On the days when you are feeling lazy thats called

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on the days when you are feeling lazy. That’s called practising under theinfluence of the defilements. It means you don’t have any real power overyour mind and just follow your desires.When your mind is in line with the Dhamma, there is no one who isdiligent and there is no one who is lazy. It’s a matter of how the mind isconditioned. The practice of insight keeps flowing automatically withoutlaziness or diligence. It’s a state that is self-sustaining, fuelled by its ownenergy. Once the mind has these characteristics, it means you no longerhave to be the doer in the practice. You could say that it’s as if you havefinished all the work you have been doing and the only thing left is for youto leave things to themselves and watch over the mind. You don’t haveto be someone who is doing something anymore. There is still mentalactivity occurring – you experience pleasant and unpleasant sense contactaccording to your kammic accumulations – but you see it as ‘just that much’419
The Collected Teachings of Ajahn Chahand are letting go of attachment to the sense of self the whole time.At this point, you aren’t creating a self and so you aren’t creating anysuffering. All the sense objects and moods you experience ultimatelyhave exactly the same value in the mind. Whatever mental or physicalphenomena you examine appear the same as everything else, bearingthe same inherent qualities. All phenomena become one and the same.Your wisdom has to develop that far for all uncertainty to come to anend in the mind.When you first start meditating, it seems like all you know how to dois to doubt and speculate about things. The mind is always wavering andvacillating. You spend the whole time caught in agitated thinking andproliferating about things. You have doubts about every last thing. Why?It stems from impatience. You want to know all the answers and fast. Youwant to have insight quickly, without having to do anything. You wantto know the truth of the way things are, but that wanting is so strong inthe mind that it is more powerful than the insight you desire. For thatreason the practice has to develop in stages. You must go one step at atime. In the first place you need to put forth persistent effort. You alsoneed the continuous support of your past good actions and developmentof the ten spiritual perfections (pāramī).Keep summoning up effort in training the mind. Don’t get caught intodesiring quick results; that just leads you to disappointment and frustra-tion when the insights are slow to come. Thinking like that won’t help you.Is it correct to expect suddenly to experience some kind of permanentstate where you are experiencing no pleasure or pain at all? It doesn’tmatter what the mind throws up at you. At that time when you do get over-whelmed by pleasure and pain stimulated by contact between the mindand different sense objects, you don’t have any idea what level your prac-tice has reached. But within a short space of time such moods lose powerover the mind. Actually, such impingement can be of benefit, because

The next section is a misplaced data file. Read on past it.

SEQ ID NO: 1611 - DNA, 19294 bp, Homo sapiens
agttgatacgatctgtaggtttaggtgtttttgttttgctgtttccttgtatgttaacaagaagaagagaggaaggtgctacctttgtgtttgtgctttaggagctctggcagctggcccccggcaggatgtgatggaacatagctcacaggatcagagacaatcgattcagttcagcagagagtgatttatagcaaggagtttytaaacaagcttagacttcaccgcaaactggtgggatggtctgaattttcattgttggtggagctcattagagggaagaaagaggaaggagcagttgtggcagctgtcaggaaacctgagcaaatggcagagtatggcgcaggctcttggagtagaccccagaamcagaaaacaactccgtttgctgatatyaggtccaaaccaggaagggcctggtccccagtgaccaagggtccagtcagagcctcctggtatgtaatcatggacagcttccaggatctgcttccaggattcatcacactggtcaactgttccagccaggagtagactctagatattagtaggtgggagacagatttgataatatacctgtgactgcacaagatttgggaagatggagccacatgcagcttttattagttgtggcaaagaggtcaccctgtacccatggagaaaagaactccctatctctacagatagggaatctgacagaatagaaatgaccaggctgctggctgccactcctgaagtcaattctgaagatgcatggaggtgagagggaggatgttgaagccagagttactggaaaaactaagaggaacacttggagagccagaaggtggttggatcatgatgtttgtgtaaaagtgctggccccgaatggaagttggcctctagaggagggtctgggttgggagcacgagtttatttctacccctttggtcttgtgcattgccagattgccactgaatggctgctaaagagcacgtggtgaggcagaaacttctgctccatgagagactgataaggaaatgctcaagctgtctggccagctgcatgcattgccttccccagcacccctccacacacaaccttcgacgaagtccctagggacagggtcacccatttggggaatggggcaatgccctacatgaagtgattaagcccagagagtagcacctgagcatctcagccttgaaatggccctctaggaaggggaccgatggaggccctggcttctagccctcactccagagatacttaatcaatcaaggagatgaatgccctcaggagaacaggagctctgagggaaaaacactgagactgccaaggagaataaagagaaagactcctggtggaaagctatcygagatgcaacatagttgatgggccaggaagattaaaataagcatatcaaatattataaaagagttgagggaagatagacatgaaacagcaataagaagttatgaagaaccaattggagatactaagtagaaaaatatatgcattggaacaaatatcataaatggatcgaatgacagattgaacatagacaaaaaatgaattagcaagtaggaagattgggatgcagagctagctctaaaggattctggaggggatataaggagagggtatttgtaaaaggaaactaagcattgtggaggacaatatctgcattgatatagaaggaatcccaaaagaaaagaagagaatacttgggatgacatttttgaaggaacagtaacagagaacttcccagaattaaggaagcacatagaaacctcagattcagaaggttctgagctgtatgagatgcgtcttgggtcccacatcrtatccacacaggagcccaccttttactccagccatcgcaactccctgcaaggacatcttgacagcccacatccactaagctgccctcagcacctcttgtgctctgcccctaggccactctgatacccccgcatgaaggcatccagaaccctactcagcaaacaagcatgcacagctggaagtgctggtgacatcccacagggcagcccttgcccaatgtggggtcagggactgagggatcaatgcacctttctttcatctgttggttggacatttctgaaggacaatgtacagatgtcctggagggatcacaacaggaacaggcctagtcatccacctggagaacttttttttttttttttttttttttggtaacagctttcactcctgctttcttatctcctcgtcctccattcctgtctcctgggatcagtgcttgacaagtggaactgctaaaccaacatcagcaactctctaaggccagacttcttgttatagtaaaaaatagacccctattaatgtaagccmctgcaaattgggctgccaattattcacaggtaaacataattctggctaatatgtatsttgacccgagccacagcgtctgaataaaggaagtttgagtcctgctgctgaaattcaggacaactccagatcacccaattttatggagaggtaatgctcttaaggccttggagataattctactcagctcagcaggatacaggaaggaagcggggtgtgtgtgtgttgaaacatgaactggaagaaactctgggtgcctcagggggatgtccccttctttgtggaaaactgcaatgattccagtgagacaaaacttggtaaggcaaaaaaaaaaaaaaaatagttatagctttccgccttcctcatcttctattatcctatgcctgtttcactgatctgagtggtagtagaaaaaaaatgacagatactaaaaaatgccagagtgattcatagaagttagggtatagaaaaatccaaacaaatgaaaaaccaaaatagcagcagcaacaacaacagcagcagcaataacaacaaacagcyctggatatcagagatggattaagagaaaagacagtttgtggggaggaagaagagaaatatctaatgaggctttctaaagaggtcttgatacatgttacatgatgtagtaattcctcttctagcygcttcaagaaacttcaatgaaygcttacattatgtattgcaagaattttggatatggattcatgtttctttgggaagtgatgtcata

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Term
Winter
Professor
N/A
Tags
Ajahn Chah, Thai Forest tradition

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